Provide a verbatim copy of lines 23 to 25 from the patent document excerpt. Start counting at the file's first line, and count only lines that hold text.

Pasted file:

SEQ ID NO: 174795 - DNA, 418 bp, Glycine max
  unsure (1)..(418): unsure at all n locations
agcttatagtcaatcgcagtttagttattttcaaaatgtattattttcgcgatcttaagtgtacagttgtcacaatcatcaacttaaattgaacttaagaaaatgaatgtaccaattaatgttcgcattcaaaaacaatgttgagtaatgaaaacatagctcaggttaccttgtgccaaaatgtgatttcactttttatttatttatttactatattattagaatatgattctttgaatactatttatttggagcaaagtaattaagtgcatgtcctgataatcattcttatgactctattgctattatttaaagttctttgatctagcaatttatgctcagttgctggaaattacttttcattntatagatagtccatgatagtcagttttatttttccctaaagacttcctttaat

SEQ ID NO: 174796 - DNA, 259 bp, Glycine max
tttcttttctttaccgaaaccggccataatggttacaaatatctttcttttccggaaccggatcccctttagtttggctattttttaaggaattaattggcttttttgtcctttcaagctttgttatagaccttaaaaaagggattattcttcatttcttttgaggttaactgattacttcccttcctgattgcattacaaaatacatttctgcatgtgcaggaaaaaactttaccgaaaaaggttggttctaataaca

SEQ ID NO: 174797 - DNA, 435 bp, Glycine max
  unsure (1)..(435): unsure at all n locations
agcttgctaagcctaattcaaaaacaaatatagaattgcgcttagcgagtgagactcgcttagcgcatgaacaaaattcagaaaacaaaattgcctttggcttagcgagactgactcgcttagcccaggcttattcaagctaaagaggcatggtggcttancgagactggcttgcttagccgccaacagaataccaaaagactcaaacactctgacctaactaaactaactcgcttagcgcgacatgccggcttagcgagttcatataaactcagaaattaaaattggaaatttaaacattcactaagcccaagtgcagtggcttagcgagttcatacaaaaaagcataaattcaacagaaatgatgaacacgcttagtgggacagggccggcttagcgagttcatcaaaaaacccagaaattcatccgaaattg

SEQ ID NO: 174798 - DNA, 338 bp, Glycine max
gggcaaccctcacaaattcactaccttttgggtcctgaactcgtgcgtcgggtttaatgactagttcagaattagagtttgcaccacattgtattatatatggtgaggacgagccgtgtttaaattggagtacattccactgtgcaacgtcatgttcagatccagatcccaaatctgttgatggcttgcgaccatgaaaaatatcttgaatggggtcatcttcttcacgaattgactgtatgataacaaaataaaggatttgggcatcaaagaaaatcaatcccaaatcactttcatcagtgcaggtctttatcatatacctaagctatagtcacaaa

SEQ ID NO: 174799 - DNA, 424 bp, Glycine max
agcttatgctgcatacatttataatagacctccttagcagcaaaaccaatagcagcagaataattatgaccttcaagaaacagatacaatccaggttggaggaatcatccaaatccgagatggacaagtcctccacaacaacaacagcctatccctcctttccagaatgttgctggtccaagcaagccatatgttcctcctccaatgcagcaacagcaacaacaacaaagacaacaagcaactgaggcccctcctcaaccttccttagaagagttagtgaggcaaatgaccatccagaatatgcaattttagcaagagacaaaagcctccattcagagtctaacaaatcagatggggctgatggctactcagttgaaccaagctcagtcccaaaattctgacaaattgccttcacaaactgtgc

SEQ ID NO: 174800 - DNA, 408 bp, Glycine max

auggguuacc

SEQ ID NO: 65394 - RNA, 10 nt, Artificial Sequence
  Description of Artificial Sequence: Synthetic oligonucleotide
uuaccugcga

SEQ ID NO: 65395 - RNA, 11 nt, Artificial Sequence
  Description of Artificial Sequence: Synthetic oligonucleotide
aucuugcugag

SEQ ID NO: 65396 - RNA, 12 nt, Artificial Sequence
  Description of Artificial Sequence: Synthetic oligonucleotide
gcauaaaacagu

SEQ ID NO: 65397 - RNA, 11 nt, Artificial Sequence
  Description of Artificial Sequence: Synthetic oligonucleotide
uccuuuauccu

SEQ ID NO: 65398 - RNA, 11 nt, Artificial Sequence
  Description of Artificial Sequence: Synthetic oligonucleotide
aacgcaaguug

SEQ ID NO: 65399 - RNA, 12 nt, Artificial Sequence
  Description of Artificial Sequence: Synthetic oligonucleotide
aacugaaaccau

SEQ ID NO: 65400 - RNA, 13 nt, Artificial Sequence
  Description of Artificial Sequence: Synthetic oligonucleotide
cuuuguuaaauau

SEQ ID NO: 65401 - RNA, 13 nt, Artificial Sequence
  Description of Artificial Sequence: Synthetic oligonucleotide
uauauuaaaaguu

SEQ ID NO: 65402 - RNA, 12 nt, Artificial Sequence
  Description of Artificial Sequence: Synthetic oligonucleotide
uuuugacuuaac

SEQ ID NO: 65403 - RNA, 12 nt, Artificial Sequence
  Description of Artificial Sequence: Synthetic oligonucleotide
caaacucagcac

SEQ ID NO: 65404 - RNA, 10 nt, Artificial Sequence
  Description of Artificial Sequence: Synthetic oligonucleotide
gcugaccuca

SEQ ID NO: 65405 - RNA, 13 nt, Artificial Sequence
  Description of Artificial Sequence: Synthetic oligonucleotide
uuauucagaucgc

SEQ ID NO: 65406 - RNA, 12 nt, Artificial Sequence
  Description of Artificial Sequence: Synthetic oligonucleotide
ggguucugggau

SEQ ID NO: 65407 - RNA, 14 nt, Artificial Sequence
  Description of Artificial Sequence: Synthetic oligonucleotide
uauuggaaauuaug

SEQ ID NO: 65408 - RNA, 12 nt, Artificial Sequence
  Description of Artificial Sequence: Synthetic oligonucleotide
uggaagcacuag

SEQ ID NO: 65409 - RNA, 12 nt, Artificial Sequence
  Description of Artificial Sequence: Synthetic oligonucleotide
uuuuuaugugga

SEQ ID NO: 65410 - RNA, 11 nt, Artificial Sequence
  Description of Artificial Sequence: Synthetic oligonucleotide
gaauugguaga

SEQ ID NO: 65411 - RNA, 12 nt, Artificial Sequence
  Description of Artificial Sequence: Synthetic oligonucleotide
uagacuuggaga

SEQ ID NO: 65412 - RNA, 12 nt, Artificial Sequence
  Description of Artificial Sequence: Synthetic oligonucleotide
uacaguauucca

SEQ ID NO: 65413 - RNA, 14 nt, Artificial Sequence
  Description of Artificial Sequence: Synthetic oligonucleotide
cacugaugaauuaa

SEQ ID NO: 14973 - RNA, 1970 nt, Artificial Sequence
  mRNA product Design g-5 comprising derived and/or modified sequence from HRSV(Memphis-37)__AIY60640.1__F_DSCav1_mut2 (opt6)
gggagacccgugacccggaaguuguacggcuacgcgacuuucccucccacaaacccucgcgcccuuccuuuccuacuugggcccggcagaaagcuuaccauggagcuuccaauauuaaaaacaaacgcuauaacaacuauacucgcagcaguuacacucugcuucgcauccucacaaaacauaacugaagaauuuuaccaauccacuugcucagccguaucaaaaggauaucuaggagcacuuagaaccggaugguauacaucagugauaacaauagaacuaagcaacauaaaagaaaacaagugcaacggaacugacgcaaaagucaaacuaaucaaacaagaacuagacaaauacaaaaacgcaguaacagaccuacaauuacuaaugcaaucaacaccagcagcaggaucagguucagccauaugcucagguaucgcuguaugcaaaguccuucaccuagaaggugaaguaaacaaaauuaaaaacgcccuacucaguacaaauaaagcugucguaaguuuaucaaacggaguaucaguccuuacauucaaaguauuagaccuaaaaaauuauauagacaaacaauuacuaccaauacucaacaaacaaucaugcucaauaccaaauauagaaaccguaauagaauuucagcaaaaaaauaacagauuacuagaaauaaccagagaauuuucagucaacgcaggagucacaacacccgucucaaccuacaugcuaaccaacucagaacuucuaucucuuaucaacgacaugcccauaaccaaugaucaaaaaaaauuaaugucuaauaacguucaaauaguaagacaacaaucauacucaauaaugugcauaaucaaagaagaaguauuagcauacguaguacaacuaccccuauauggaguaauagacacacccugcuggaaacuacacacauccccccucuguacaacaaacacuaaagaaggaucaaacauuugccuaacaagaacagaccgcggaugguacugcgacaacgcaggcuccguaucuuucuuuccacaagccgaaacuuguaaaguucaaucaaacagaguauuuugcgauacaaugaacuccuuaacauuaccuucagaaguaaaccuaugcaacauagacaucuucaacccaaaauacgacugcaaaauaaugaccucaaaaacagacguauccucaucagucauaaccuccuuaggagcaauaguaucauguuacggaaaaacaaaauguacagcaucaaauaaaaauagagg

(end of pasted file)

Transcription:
gcauaaaacagu

SEQ ID NO: 65397 - RNA, 11 nt, Artificial Sequence
  Description of Artificial Sequence: Synthetic oligonucleotide